The European committee on International transportation of dangerous group working team recommended including on the p. 7.5.7.1 of ADR (Accord européen relatif au transport international des marchandises Dangereuses par Route) the following amendment: “The requirements of the present paragraph are considered satisfied if dangerous goods are secured in accordance to EN 12195-1:2010 standard”. Thus, all the countries-members of ADR are committed to observe the specified rules of dangerous goods securing.

There are no such rules in Russia. The parties, involved in the process of road transportation, do not dispose of a single document to regulate cargo securing. Hence – damages to cargoes and vehicles, road accidents. The concerned amendment obliges the Russian Federation, as a member of ADR, to develop and approve the rules of cargo securing in accordance to EN 12195-1:2010 standard, as well as enforce them.

 

Unlike Russian colleagues, since 2005 carriers in Belarus are guided by “The rules of safe loading and securing of cargo in a trailer of a motor vehicle”, based on a more rigorous EN 12195:2003 standard.

Ever since the ADR came into force, the situation in Germany and Belarus has been taking a pretty interesting turn. Both countries have national standards for cargo securing, and for all possible types of cargo, transported by road. In Germany it is the Standard of German Engineers (Verein Deutscher Ingenieure) VDI2700 “The cargo securing on motor vehicles” (“Ladungssicherung auf Straßenfahrzeugen”). This standard has been operational for over 20 years and became the foundation of EN 12195:2003 standard. It is EN 12195:2003 standard Belarusian rules of safe loading and securing of cargo in turn are based on. Thus, the national standards, effective in both countries, impose more rigorous requirements to nonhazardous cargoes securing, than the new EN 12195-1:2010 imposes to securing of dangerous cargoes. Turns out, the securing of dangerous cargoes in Germany is accomplished according to the new standard, at the same time the Police inspection of nonhazardous cargoes is guided by the national DIN EN 12195-1 (April 2004) standard, which is basically analogous to EN 12195:2003, yet more stringent.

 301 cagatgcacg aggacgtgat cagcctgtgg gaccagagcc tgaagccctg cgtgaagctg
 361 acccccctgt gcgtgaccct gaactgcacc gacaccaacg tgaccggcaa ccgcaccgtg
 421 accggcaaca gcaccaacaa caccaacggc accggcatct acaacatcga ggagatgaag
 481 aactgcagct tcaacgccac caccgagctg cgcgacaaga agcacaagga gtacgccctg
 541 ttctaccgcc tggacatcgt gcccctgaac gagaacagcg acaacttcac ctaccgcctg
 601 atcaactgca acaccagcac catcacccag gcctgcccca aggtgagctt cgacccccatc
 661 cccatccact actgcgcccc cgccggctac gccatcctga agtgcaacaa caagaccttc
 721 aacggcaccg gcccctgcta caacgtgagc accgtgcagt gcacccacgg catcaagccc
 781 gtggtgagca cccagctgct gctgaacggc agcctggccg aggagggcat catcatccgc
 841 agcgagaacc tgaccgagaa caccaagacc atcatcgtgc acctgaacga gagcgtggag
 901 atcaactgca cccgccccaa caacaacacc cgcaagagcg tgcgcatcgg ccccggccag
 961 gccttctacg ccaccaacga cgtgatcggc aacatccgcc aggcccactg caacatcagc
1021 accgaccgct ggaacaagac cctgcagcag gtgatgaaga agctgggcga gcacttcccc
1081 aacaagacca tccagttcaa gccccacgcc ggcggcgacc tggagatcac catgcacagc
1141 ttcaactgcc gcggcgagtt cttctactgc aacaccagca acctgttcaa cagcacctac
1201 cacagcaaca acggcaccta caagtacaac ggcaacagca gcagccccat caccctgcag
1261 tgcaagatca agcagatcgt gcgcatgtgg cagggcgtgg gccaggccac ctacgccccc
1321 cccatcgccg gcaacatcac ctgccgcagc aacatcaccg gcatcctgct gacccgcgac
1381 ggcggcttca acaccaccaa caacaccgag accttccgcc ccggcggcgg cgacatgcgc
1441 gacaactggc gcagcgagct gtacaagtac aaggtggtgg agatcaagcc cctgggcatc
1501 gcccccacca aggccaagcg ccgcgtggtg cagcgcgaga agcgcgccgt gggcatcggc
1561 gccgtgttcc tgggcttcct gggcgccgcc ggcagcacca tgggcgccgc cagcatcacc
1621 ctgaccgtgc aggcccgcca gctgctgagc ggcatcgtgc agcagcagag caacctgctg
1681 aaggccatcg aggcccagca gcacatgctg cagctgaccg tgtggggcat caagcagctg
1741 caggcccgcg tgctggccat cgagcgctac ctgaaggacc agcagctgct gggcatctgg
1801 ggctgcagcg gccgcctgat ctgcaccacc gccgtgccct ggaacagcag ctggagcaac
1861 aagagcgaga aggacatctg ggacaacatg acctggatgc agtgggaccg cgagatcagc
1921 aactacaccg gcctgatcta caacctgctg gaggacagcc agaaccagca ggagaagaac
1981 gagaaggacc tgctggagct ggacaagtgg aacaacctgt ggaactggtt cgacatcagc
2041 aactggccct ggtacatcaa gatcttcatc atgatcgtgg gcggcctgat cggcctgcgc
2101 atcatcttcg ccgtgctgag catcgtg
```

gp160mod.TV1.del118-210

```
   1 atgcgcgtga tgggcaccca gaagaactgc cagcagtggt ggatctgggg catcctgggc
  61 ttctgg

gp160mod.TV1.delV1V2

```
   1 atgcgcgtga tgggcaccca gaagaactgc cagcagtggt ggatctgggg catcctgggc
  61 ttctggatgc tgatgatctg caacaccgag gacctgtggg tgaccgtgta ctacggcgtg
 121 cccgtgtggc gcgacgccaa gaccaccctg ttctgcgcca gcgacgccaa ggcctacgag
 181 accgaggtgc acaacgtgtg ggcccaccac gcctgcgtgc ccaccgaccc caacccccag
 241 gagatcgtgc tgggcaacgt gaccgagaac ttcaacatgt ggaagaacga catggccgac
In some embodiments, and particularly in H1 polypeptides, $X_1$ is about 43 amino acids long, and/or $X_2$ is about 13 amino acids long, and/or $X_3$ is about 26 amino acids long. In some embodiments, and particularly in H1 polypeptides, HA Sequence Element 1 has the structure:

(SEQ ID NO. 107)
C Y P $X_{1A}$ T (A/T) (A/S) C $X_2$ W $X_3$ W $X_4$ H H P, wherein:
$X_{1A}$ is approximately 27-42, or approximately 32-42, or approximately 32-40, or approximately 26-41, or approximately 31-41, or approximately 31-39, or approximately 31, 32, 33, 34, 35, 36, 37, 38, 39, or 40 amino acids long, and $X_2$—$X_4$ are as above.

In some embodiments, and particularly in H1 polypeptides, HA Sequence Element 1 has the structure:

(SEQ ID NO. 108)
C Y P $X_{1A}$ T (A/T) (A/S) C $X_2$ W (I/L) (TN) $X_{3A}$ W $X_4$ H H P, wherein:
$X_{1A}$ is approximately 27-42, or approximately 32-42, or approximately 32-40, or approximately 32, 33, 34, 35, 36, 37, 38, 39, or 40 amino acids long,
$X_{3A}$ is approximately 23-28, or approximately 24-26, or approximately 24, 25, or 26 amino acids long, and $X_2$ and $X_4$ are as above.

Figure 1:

In Belarus the situation remains the same: cargo securing in accordance to “The rules of safe loading and securing of cargo in a trailer of a motor vehicle” allows successful passing the Police inspection in Germany. However it is worth noting, that the overwhelming majority of Belarusian caries do not have a slightest clue about this Rules existence.

 

Here is the list of some paragraphs of VDI2700, just for a general knowledge:

1. Paragraph 1: Training program;

2. Paragraph 2: Forces acting on cargo;

3. Paragraph 3.1: Securing devices application guide;

4. Paragraph 3.2: Cargo securing means and equipment;

5. Paragraph 4: Load distribution plan;

6. Paragraph 5: Quality control system;

7. Paragraph 6: Partial and composite loading;

8. Paragraph 7: Cargo securing for international transport (KLV);

9. Paragraph 8: Passenger and light commercial vehicles securing;

10. Paragraph 8.1: Passenger and light commercial vehicles securing on automobile transporters;

11. Paragraph 9: Paper reels securing;

12. Paragraph 11: Reinforced concrete cargo securing;

13. Paragraph 12: Drinks cargo securing;

14. Paragraph 13: Wide and heavy-weight cargo securing:

15. Paragraph 15: Antiskid materials;

16. Paragraph 17: Cargo securing in trailers of dumper-trucks;

17. Paragraph 19: Steel strip, list and structural steel securing.

 

Besides, there are 12 more German Institute for Standardization – DIN (Deutsches Institut für Normung) standards regarding cargo securing.